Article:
Cataract Symptoms, Diagnosis and Treatment

The biggest cause of blindness worldwide isn’t glaucoma, diabetic retinopathy or macular degeneration, as serious as those threats to vision definitely are. One eye disorder does more to rob people of their sight than all those other disorders combined — a progressive clouding of the lens known as cataracts. Fortunately, cataracts can be easily removed by modern surgical techniques, but early detection, combined with proper pre-operative and post-operative care, can all play a role in helping you conquer this problem as effectively as possible. Here at De Anza Vision Center we’re dedicated to helping you do just that.

Cataracts are somewhat mysterious, in that no one knows exactly why proteins in the lens should become cloudy and discolored over time. But we do know that there are different kinds of cataracts that are associated with specific risk factors, including UV exposure, age, smoking, alcohol abuse, diabetes, and the use of steroids or other drugs. There are three principal types of cataracts. Nuclear cataracts, which usually form in the center of the lens, tend to be age related. Early-stage cataracts can begin to form during middle age, often progressing until significant vision problems are evident after age 60. Subcapsular cataracts, which form toward the back of the lens, are associated with diabetes. Cortical cataracts begin toward the edge of the lens and work their way inward.

Whatever type of cause is involved, cataracts’ effects on your vision may be subtle at first. You might notice sparkling “halos” around streetlight bulbs at night, or your vision might appear slightly hazy. You may find yourself more sensitive to glare or seeing colors more dimly than before. These symptoms may worsen until you have difficulty reading, watching TV, driving or working. Our optometrist can detect the presence of cataracts, even in their earliest stages, by shining a bright light into your eye during a routine eye exam. The earlier you know about your cataracts, the sooner you can take the proper steps to minimize their progress. these may include dietary changes (such as consuming more vitamin E and omega-3 fatty acids) to wearing UV protection on your eyes whenever you go outside.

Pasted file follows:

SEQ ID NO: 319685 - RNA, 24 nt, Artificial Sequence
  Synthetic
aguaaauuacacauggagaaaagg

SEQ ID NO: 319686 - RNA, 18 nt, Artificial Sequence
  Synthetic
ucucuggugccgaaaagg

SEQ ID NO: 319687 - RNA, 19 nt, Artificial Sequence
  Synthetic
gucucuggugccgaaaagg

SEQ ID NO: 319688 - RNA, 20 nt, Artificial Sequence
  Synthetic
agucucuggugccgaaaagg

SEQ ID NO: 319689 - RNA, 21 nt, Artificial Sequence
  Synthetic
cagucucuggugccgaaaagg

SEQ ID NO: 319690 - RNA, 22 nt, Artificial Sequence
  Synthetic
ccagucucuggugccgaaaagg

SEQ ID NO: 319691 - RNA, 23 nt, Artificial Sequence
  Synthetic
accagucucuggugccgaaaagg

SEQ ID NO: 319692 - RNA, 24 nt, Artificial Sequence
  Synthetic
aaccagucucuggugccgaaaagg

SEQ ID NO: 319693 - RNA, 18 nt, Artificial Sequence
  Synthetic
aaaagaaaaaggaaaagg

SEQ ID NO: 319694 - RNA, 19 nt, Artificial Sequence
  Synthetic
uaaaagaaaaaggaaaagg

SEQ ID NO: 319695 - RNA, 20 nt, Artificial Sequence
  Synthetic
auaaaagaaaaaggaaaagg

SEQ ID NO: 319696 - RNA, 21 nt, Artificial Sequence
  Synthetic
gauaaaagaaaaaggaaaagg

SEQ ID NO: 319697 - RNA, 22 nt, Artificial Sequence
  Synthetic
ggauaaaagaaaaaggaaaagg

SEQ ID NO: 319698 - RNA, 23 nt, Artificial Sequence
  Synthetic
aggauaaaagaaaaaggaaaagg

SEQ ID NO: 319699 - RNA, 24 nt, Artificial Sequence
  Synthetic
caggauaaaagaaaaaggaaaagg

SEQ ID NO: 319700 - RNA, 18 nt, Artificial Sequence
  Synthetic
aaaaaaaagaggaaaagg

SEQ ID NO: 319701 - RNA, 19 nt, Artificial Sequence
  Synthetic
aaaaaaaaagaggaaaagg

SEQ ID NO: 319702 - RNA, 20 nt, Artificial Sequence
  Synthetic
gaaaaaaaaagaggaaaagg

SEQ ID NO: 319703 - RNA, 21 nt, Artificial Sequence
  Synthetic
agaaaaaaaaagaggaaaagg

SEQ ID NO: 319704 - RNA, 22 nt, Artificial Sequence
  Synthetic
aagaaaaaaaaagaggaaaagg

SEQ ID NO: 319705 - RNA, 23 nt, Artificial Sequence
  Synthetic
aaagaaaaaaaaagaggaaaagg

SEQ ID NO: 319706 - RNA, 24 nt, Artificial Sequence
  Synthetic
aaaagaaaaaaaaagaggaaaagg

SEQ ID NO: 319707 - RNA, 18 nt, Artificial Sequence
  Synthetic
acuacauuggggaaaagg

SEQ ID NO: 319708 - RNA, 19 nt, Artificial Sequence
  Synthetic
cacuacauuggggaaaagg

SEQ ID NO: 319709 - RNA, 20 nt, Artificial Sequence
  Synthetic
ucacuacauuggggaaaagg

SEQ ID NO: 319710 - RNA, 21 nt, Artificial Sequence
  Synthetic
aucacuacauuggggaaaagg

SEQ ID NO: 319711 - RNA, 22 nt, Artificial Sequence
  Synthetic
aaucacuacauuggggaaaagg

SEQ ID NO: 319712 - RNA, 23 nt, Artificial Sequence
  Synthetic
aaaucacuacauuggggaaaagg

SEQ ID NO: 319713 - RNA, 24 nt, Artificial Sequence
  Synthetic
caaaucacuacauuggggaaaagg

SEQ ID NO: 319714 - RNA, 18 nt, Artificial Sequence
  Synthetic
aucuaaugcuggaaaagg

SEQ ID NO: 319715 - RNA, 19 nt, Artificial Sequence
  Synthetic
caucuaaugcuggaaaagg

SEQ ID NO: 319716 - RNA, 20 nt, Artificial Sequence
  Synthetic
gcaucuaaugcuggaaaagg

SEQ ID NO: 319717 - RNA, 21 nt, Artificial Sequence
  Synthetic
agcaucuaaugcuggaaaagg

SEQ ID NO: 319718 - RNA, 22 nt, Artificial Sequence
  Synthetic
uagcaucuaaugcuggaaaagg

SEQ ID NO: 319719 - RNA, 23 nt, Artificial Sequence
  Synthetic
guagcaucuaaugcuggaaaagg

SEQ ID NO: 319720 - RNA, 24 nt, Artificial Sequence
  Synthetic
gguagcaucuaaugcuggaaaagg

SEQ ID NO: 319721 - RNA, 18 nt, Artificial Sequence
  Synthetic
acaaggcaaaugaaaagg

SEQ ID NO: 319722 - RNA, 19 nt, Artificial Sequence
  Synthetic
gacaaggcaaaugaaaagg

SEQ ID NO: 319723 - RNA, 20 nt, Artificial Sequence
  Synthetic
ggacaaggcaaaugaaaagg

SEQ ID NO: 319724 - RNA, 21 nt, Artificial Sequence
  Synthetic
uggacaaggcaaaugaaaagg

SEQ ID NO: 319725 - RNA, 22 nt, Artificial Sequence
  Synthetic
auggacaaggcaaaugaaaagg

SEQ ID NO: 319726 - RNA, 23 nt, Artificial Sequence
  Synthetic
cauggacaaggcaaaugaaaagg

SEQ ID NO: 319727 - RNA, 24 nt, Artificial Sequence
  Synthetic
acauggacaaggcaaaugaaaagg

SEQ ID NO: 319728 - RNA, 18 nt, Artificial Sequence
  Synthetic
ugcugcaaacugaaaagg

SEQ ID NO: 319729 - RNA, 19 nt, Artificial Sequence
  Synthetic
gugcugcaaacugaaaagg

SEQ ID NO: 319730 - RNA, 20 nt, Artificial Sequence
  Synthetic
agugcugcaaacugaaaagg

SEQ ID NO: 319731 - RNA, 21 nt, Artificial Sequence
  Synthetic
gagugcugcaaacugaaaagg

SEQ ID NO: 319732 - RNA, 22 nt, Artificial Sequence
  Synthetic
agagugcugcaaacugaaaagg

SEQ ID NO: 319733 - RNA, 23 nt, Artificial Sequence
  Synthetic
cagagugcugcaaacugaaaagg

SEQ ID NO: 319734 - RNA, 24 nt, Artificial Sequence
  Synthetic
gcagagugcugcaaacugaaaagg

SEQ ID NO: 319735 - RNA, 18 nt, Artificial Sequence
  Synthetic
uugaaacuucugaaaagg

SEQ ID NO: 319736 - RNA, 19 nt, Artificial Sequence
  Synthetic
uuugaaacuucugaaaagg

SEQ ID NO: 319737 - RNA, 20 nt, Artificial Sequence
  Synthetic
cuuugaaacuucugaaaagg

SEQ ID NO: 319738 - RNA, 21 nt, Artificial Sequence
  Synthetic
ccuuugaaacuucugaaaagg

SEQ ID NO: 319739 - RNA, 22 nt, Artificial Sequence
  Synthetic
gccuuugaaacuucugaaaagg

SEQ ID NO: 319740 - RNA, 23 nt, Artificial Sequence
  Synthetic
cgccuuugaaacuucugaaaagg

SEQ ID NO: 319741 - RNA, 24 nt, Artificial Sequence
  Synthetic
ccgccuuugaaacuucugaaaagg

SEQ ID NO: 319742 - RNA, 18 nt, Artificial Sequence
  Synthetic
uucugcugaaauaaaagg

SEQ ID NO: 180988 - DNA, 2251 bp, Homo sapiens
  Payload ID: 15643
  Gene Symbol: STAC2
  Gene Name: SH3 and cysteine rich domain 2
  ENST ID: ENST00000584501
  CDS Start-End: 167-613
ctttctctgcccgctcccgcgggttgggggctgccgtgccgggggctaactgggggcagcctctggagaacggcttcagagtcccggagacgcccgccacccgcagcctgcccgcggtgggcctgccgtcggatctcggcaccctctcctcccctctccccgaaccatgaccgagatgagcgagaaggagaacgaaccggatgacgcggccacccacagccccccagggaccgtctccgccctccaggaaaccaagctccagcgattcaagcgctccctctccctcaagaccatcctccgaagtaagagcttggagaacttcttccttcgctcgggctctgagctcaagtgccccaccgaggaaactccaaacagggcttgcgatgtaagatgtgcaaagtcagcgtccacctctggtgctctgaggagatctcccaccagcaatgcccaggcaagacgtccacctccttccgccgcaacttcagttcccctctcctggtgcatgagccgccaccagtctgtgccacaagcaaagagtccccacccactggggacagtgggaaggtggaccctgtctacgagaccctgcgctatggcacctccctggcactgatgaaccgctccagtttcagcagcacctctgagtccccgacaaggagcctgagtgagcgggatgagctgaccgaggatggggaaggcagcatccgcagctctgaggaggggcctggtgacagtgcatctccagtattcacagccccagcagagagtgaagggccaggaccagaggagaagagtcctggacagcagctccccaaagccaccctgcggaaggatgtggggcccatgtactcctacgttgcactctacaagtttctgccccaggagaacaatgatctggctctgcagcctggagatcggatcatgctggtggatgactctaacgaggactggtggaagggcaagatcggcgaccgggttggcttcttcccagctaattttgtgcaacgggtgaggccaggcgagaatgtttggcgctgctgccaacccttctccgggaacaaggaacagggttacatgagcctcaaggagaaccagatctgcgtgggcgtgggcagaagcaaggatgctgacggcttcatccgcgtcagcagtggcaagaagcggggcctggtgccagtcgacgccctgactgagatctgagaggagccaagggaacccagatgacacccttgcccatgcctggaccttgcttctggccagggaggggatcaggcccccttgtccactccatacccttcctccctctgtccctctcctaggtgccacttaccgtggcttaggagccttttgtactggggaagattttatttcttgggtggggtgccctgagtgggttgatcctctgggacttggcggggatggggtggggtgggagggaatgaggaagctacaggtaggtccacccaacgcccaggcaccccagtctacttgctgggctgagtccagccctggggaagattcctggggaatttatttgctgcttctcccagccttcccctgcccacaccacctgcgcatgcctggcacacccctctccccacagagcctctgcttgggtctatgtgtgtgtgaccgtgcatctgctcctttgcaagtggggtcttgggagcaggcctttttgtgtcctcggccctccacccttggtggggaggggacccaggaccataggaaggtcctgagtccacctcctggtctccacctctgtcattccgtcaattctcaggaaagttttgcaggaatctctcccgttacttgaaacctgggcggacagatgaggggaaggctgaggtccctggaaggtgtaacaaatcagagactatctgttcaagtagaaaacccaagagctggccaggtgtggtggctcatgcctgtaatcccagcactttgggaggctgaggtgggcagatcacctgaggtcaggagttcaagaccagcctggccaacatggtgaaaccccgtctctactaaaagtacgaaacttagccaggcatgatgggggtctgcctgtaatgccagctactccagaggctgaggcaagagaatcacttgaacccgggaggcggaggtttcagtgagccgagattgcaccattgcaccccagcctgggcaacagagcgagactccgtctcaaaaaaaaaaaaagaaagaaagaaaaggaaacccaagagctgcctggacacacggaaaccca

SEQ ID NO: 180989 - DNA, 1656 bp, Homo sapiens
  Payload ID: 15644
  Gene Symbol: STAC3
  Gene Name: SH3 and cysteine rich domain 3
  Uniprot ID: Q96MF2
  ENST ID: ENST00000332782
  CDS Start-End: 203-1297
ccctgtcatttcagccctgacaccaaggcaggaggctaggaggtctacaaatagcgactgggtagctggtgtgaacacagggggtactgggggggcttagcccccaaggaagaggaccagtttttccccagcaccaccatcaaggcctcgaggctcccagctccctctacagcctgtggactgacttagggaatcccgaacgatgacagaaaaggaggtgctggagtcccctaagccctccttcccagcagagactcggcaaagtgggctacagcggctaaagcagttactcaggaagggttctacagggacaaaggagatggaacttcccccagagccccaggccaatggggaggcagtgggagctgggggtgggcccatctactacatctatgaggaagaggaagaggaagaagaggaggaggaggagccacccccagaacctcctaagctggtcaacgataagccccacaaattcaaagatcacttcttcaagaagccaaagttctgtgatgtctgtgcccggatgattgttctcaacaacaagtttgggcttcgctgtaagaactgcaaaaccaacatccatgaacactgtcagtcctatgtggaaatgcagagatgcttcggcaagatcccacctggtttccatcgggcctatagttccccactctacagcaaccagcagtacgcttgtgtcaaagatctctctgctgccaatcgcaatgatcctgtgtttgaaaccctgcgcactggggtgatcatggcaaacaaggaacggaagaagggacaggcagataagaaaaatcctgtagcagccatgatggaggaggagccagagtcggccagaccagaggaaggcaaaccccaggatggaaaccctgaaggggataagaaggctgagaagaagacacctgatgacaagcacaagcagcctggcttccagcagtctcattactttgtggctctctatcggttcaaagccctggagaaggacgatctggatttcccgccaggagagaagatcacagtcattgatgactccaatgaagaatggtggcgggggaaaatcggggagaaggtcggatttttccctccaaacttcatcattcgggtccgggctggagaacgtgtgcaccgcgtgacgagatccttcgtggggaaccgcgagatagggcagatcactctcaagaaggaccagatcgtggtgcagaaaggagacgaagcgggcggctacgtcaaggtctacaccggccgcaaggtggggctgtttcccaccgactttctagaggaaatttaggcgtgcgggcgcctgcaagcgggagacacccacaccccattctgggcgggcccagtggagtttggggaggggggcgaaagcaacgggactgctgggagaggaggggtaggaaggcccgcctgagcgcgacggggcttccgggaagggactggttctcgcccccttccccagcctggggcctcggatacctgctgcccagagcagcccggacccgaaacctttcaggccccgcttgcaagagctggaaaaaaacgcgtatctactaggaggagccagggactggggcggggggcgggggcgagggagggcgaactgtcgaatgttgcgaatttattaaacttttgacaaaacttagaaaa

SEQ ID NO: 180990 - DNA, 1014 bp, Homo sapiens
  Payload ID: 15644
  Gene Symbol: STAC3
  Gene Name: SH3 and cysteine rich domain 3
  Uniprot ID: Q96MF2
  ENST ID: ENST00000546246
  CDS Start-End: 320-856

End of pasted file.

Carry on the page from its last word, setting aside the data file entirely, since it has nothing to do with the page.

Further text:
Pre-Operative and Post-Operative Cataract Care at at De Anza Vision Center

A diagnosis of cataracts causing significant vision impairment generally calls for surgery. But don’t worry — modern cataracts surgery is quick, painless, and can be performed as an outpatient procedure. The surgeon will numb your eye and then make a tiny incision in the lens capsule to break up and remove the cataract. You’ll then receive a crystal-artificial lens so can see beautifully once more.

Our clinic can provide the necessary pre-operative testing and other care to prepare you. Following surgery, we can evaluate your vision, prescribe antibiotic eye drops as a follow-up treatment, and provide you with helpful advice until your eyes are 100 percent again. Contact  De Anza Vision Center to learn more!